6. 6. Mercer Capital’s Value Focus: Investment Management Second Quarter 2019 © 2019 Mercer Capital 5 www.mercercapital.com Through the first half of 2019, asset and wealth manager MA has kept pace with 2018, which was the busiest year for sector MA over the last decade. MA activity in the back half of 2019 is poised to continue at a rapid pace, as business fundamentals and consolidation pressures con- tinue to drive deal activity. Several trends which have driven the uptick in sector MA in recent years have continued into 2019, including increasing activity by RIA aggregators and rising cost pressures. Total deal count during the first half of the year is on pace to slightly exceed 2018’s record levels. Reported deal value during the first half of 2019 was down significantly, although MA Trends Asset and wealth manager MA keeping pace with 2018’s record levels the quarterly data tends to be lumpy and many deals have undisclosed pricing. Acquisitions by (and of) RIA consolidators continue to be a theme for the sector. The largest deal of the second quarter was Goldman Sachs’s $750 million acquisition of RIA consolidator United Capital Partners. The deal is a notable bid to enter the mass-affluent wealth management market for Goldman Sachs. For the rest of the industry, Goldman’s entrance into the RIA consolidator space is yet another headline that illustrates the broad investor interest in the consolidator model. Asset Manager MA (2008 – Q2 2019)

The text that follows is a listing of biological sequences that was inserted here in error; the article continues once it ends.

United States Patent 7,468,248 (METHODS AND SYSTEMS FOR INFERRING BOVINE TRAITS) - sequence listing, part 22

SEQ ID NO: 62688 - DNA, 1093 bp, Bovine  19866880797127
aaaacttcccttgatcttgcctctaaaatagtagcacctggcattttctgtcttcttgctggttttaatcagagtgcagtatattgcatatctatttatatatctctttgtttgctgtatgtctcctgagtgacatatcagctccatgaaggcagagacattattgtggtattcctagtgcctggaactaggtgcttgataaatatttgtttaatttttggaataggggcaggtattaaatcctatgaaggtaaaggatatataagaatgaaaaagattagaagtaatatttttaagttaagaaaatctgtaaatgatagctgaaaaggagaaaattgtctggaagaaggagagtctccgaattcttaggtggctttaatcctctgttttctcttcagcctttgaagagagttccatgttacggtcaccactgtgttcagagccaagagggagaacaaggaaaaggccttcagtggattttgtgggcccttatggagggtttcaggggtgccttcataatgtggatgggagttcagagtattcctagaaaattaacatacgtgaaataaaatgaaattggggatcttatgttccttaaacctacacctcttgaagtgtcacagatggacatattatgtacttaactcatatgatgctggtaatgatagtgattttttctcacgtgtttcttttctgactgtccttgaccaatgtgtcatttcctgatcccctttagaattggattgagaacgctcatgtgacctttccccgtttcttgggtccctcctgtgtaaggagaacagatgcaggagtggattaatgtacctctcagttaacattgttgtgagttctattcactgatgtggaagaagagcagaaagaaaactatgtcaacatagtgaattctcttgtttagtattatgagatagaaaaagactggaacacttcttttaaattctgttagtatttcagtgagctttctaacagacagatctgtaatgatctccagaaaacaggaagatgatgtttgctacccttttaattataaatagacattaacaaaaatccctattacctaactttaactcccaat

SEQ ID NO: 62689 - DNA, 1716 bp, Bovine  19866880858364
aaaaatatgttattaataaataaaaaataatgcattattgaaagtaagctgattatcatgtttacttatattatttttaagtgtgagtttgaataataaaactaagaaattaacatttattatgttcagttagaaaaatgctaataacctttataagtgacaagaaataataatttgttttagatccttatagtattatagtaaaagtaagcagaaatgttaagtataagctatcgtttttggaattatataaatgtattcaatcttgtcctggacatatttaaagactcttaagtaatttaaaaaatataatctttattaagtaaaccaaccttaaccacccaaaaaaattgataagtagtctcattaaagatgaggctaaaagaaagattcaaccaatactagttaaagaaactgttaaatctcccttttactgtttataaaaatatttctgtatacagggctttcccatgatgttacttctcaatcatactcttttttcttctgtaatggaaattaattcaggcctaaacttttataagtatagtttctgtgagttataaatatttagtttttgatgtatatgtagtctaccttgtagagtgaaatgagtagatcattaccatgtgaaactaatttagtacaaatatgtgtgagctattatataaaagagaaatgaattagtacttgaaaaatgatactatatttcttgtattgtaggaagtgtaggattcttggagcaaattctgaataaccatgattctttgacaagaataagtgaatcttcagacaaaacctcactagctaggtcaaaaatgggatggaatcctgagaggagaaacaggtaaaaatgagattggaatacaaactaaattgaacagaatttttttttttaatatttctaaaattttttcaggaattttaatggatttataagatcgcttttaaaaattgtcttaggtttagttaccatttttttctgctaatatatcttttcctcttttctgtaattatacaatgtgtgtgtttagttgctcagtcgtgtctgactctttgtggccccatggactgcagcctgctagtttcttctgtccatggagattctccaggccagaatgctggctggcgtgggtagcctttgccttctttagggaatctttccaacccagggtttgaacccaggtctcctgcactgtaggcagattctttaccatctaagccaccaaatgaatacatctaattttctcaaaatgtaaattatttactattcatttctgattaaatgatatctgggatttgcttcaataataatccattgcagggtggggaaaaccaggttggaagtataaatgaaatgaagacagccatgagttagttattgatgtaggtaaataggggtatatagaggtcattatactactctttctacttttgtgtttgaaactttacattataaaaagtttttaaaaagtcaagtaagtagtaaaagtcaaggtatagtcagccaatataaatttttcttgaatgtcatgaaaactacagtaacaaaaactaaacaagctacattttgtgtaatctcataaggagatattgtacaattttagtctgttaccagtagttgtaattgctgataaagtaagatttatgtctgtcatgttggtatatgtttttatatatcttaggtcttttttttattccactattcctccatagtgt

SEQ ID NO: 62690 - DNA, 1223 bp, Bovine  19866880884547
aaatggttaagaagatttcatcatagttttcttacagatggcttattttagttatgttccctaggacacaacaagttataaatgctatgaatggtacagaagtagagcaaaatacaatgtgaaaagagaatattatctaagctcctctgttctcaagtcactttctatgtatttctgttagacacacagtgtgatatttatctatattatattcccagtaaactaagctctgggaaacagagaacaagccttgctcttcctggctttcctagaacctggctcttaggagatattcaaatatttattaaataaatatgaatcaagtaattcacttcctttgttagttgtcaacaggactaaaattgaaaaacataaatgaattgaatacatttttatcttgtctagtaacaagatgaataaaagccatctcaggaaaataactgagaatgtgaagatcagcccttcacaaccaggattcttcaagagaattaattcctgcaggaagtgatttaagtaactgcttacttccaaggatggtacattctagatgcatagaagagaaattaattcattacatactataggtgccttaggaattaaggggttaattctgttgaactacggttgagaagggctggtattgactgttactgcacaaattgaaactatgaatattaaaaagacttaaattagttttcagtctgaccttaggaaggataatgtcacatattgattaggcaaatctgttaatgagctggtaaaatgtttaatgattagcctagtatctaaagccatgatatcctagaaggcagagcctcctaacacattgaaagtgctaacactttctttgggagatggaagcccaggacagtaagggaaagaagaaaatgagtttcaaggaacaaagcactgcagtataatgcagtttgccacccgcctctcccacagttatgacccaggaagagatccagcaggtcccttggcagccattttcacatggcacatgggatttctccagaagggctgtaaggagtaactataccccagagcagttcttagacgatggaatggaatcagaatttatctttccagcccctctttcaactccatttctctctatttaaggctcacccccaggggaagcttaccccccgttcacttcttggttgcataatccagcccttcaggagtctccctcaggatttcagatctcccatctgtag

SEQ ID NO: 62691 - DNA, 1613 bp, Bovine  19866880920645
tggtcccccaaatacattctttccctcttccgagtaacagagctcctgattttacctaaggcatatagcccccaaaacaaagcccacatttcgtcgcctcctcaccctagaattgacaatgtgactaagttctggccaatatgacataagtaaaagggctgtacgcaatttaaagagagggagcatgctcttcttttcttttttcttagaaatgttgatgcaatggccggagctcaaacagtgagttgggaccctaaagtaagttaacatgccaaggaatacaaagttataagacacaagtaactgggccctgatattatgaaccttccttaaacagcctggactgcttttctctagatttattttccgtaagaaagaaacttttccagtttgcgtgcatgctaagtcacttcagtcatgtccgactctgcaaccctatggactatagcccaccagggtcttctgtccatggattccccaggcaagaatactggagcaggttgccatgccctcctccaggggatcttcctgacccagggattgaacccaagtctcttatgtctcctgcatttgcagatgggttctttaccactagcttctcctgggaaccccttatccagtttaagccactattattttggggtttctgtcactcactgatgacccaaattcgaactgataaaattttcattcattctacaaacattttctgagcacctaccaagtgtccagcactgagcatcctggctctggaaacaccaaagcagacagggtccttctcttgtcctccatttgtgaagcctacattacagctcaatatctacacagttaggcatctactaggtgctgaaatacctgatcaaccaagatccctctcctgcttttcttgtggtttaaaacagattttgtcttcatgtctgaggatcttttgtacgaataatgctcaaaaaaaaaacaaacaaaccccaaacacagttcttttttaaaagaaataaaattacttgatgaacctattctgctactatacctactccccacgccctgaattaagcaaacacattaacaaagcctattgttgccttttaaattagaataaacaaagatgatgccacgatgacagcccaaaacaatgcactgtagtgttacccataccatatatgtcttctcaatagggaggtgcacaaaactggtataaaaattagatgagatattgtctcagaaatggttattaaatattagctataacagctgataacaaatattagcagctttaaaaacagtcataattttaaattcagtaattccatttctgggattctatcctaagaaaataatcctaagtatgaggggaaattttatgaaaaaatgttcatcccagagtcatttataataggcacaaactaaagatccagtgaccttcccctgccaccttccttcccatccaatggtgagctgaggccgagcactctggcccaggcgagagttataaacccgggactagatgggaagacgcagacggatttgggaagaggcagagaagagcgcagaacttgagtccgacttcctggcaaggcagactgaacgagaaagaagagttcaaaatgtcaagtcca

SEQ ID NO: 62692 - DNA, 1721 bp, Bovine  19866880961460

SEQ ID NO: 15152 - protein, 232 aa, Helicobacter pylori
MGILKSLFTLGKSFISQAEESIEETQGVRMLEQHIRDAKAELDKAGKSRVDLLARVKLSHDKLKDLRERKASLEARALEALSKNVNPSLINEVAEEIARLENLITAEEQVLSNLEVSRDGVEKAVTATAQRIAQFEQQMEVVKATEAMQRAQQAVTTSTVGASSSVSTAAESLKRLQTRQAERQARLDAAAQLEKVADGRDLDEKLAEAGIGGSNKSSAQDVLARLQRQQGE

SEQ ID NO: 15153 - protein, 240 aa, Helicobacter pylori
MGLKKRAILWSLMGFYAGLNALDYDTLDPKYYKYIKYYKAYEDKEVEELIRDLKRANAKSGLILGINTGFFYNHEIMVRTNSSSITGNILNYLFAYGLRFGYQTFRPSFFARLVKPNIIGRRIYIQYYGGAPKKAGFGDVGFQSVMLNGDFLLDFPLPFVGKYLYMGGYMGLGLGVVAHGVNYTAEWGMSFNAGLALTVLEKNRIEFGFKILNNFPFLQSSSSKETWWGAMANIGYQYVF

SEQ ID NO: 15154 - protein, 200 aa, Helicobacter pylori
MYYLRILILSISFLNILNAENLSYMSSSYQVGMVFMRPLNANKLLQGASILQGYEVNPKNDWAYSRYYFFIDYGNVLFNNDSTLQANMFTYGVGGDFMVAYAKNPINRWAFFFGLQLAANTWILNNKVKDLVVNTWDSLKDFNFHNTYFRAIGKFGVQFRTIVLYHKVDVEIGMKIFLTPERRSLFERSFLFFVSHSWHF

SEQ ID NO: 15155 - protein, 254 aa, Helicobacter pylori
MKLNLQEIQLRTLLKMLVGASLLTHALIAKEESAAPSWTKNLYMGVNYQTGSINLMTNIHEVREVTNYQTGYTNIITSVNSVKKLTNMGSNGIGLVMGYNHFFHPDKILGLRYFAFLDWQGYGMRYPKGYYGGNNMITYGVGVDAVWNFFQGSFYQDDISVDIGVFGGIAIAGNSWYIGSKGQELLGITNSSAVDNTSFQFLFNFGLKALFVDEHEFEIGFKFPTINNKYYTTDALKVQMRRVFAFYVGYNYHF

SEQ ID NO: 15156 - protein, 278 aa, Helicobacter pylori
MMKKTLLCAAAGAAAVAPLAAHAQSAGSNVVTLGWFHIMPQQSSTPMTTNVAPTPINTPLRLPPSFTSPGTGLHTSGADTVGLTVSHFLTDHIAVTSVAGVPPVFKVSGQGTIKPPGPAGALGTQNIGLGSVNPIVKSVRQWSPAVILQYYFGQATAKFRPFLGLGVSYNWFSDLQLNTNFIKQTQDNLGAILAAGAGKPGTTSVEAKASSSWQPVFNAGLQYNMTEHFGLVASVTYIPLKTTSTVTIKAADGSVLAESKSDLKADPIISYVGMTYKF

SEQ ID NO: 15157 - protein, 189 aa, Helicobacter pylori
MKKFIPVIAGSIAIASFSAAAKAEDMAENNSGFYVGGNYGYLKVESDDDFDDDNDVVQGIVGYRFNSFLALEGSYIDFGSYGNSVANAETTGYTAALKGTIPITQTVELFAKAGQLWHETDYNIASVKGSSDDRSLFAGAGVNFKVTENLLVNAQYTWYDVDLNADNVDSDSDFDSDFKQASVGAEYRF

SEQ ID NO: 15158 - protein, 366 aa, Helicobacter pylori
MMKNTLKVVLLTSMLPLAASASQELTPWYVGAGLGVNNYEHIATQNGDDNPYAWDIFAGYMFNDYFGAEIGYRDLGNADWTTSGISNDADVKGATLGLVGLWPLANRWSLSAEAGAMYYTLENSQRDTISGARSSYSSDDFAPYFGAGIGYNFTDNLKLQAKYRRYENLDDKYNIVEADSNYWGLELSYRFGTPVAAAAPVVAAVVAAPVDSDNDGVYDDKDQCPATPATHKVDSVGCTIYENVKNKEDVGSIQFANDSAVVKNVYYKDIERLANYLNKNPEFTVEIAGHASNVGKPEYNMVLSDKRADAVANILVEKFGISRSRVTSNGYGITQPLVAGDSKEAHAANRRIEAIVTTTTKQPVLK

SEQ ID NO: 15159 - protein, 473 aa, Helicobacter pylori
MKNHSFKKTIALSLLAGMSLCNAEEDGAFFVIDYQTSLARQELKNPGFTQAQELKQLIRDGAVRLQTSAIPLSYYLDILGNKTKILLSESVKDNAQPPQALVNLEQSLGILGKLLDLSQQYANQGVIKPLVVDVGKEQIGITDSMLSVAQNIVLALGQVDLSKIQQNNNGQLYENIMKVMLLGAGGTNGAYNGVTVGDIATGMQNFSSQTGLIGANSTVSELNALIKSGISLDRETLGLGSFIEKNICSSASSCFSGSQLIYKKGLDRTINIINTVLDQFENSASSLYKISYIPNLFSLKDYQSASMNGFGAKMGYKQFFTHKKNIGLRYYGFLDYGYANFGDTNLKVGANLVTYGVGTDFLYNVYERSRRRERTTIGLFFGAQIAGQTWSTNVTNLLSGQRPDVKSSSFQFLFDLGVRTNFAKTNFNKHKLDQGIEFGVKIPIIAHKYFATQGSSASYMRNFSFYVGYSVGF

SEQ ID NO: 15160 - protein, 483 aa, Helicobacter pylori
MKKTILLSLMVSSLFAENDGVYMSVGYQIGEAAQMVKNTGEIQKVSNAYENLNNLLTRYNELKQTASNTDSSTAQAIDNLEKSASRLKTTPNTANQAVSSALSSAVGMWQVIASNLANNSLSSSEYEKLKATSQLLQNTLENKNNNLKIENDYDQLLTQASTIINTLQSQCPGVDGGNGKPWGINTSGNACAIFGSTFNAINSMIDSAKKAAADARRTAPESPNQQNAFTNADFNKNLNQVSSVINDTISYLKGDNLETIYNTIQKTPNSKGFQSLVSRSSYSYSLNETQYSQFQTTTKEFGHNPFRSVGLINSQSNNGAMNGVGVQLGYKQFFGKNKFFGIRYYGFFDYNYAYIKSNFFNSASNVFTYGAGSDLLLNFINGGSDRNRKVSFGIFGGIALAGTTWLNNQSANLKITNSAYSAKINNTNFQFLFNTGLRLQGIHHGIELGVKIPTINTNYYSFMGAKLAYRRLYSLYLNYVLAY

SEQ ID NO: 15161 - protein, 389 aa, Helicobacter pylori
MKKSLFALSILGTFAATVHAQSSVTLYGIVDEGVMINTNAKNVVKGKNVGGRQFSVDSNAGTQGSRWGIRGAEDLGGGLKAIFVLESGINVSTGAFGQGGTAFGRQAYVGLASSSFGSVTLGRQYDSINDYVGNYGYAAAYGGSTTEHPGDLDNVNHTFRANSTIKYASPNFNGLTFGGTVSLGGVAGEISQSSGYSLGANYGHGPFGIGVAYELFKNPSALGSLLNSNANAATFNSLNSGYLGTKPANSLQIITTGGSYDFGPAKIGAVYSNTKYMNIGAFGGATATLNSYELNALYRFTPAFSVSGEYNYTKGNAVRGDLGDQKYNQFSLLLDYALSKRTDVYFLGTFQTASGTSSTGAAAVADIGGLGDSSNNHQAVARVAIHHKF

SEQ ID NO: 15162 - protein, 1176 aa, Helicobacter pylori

7. 7. Mercer Capital’s Value Focus: Investment Management Second Quarter 2019 © 2019 Mercer Capital 6 www.mercercapital.com If there was any doubt of that fact, just a few weeks ago it was reported that Mercer Advisors (no relation), an RIA consolidator managing $16 billion, is up for sale by its PE backer, Genstar Capital. Mercer could fetch an estimated $700 million price tag, putting it in a similar size bracket as the United Capital acquisition. These RIA aggregators have themselves been active acquirers in the space, with Mercer Advisors and United Capital Advisors each acquiring multiple RIAs during 2018 and the first half of 2019. The wealth management consolidator Focus Financial Part- ners (FOCS) has also been active since its July 2018 IPO, although acquisitions slowed during the second quarter of 2019. Focus announced a total of eight transactions during the second quarter, most of which were smaller sub-acquisitions by partner firms except for the acquisi- tion of William, Jones Associates, a New York based RIA managing $7 billion. Sub-acquisitions by Focus Financial’s partner firms and other firms owned by RIA consolidators are a growing MA driver for the industry. These acquisitions are typically much smaller and are facilitated by the balance sheet and MA experience of the consolidators. For some RIAs acquired by consolidators, the prospect of using buyer resources to facili- tate their own MA may be a key motivation for joining the consolidator in the first place. For the consolidators them- selves, these deals offer a way to drive growth and extend their reach into the smaller RIA market in a way that is scal- able and doesn’t involve going there directly. Consolidation Rationales The underpinnings of the MA trend we’ve seen in the sector include the lack of internal succession planning at many RIAs and the increasing importance of scale against a backdrop of rising costs and declining fees. While these fac- tors are nothing new, sector MA has historically been less than we might expect given the consolidation pressures the industry faces. Consolidating RIAs, which are typically something close to “owner-operated” businesses, is no easy task. The risks include cultural incompatibility, lack of management incen- tive, and size-impeding alpha generation. Many RIA con- solidators structure deals to mitigate these problems by providing management with a continued interest in the eco- nomics of the acquired firm while allowing it to retain its own branding and culture. Other acquires take a more involved approach, unifying branding and presenting a homogeneous front to clients in an approach that may offer more synergies, but may carry more risks as well. Market Impact Deal activity in 2018 was strong despite the volatile market conditions that emerged in the back half of the year. So far in 2019, equity markets have largely recovered and trended upwards. Publicly traded asset managers have lagged the broader market so far in 2019, suggesting that investor sen- timent for the sector has waned after the volatility seen at year-end 2018. MA Outlook Consolidation pressures in the industry are largely the result of secular trends. On the revenue side, realized fees con- tinue to decrease as funds flow from active to passive. On the cost side, an evolving regulatory environment threatens increasing technology and compliance costs. The continu- ation of these trends will pressure RIAs to seek scale, which will in turn drive further MA activity. With over 13,000 RIAs currently operating in the U.S., the industry is still very fragmented and ripe for consolidation. Given the uncertainty of asset flows in the sector, we expect firms to continue to seek bolt-on acquisitions that offer scale and known cost savings from back office efficiencies. Expanding distribu- tion footprints and product offerings will also continue to be a key acquisition rationale as firms struggle with organic growth and margin compression. An aging ownership base is another impetus. The recent market volatility will also be a key consid- eration for both sellers and buyers in 2019.